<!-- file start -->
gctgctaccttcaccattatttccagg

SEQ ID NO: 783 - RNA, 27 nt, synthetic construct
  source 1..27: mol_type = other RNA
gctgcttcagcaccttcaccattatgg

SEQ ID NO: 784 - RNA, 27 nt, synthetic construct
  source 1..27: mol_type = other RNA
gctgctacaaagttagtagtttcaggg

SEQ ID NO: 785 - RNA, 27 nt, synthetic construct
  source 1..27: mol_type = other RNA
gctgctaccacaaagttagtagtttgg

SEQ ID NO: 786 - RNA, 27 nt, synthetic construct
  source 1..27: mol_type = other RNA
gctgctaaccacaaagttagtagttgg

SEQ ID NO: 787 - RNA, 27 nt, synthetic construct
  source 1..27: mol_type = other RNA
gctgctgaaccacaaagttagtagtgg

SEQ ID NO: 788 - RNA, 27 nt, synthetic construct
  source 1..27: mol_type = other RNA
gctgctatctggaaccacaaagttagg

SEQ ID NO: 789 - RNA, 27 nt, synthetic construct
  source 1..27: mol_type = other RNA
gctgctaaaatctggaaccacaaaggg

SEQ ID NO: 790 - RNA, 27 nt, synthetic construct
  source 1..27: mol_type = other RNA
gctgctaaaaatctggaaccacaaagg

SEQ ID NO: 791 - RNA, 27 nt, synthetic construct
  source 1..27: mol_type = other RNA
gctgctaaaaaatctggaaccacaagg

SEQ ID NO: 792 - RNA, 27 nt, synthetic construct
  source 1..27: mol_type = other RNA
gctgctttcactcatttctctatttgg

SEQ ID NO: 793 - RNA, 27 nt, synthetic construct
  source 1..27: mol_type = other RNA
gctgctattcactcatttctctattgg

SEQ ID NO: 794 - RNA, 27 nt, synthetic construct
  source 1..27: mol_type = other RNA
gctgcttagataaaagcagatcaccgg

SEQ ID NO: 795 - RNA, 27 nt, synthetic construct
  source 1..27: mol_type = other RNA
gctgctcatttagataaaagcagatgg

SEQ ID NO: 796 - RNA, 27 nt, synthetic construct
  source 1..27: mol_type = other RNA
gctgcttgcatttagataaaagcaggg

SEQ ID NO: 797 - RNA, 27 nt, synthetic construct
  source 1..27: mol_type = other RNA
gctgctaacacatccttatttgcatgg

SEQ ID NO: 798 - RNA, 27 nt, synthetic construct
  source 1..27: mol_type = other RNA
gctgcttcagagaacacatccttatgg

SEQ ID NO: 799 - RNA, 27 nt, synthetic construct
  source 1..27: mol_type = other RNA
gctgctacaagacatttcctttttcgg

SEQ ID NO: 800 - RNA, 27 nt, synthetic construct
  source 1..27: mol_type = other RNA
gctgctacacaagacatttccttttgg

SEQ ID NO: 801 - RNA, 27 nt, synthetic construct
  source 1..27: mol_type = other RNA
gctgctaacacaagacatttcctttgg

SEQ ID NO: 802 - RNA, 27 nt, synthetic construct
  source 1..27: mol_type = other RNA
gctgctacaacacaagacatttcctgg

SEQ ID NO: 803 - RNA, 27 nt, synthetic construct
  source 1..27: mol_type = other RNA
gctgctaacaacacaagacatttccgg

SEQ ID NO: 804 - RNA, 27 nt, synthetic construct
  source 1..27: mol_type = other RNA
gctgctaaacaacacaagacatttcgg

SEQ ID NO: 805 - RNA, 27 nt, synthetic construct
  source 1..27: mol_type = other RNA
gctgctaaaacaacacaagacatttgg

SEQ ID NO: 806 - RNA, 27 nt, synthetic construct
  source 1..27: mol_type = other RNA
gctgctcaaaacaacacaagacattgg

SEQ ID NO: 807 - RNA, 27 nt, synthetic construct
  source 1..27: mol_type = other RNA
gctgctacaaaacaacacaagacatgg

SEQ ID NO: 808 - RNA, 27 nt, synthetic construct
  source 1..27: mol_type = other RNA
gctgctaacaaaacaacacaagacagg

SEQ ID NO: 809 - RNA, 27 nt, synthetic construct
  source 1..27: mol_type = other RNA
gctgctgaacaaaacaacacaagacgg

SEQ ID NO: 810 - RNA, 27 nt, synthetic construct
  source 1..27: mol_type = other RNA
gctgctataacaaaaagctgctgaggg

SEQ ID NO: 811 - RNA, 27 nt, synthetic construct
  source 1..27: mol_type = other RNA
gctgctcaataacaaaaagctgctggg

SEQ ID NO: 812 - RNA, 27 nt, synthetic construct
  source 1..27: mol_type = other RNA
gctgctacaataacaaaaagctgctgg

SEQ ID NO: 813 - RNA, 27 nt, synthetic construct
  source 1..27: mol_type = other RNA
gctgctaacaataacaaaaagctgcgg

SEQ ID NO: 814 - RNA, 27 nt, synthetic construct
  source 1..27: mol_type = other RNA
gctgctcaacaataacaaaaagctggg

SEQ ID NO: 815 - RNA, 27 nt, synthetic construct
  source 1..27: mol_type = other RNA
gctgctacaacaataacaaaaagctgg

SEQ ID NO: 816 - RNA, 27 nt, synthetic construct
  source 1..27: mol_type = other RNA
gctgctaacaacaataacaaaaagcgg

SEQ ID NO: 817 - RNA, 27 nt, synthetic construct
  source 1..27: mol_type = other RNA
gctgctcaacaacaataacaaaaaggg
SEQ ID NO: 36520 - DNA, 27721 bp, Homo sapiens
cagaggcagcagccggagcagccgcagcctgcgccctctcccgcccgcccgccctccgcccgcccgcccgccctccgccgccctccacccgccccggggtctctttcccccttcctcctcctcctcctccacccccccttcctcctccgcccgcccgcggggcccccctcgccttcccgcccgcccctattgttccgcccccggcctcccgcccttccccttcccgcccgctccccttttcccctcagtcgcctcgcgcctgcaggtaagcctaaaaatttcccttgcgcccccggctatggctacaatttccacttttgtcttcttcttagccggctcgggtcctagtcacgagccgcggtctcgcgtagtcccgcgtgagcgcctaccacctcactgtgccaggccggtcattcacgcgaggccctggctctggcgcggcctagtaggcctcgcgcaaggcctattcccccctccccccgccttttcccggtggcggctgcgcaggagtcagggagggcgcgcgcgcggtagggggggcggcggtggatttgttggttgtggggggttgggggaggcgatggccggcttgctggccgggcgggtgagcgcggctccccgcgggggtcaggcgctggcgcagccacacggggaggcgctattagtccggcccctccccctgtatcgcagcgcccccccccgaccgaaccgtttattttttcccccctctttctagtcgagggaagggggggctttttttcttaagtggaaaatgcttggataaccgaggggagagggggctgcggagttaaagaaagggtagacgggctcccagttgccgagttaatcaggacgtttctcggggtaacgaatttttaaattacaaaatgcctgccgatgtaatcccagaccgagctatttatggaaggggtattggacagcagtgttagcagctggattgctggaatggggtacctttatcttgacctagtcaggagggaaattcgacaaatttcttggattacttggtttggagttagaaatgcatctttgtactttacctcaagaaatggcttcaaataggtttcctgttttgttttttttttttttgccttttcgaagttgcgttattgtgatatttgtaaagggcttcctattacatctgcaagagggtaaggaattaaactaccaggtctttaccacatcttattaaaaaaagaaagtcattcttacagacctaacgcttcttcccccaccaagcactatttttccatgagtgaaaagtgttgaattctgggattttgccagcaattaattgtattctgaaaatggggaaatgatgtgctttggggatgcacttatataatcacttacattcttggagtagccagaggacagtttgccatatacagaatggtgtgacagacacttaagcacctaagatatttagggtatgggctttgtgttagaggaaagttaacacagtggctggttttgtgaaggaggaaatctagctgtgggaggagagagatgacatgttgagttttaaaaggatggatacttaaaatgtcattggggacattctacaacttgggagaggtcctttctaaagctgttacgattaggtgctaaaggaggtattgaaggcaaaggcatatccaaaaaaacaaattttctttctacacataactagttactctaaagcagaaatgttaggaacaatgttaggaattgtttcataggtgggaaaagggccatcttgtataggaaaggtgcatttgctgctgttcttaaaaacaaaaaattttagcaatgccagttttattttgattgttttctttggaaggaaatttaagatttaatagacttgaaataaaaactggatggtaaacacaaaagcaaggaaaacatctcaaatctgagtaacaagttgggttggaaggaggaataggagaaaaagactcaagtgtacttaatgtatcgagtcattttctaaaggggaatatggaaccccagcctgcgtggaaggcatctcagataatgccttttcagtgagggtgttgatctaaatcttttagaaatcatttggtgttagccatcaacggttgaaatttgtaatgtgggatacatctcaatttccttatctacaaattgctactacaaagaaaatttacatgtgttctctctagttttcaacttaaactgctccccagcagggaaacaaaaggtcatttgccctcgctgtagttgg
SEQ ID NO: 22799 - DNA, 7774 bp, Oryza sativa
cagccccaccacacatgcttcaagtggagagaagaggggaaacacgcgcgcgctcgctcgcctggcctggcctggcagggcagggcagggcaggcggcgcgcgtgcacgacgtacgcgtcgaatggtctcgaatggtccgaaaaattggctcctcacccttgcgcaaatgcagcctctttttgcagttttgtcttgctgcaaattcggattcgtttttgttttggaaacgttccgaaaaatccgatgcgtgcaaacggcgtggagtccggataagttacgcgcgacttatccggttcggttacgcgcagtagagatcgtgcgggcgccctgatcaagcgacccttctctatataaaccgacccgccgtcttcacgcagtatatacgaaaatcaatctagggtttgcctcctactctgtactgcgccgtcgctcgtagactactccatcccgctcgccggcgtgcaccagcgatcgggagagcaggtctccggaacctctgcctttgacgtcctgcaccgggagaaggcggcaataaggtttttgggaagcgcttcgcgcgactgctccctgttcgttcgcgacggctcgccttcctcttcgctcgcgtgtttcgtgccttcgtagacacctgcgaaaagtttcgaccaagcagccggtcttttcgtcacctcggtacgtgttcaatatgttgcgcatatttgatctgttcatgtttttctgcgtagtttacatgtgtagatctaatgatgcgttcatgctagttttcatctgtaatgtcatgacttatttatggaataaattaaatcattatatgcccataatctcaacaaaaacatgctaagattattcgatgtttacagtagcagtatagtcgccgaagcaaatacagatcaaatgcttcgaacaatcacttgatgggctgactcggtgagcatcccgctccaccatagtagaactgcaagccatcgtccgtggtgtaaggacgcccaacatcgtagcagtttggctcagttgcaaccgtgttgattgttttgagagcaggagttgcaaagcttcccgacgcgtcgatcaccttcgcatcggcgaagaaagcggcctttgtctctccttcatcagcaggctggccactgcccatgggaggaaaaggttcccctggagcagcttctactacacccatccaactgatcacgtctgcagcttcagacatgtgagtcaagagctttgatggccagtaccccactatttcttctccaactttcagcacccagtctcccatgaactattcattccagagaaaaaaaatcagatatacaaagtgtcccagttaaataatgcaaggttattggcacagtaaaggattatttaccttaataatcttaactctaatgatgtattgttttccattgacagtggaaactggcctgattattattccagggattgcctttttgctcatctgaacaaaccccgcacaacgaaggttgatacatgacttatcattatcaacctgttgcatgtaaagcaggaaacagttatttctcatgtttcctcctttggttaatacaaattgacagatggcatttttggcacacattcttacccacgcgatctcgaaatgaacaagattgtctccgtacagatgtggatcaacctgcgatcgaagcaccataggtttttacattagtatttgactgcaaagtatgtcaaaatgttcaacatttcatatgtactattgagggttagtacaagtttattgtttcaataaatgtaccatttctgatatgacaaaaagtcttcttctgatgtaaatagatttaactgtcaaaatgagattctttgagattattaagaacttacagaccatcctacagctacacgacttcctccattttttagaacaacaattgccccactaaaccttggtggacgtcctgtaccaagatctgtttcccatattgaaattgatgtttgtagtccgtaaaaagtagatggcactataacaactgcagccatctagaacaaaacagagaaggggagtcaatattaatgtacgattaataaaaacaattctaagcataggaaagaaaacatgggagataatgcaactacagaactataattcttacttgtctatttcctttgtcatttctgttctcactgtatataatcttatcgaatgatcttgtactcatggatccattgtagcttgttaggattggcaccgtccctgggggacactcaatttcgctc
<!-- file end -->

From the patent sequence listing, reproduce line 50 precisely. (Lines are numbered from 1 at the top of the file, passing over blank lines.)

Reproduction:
SEQ ID NO: 799 - RNA, 27 nt, synthetic construct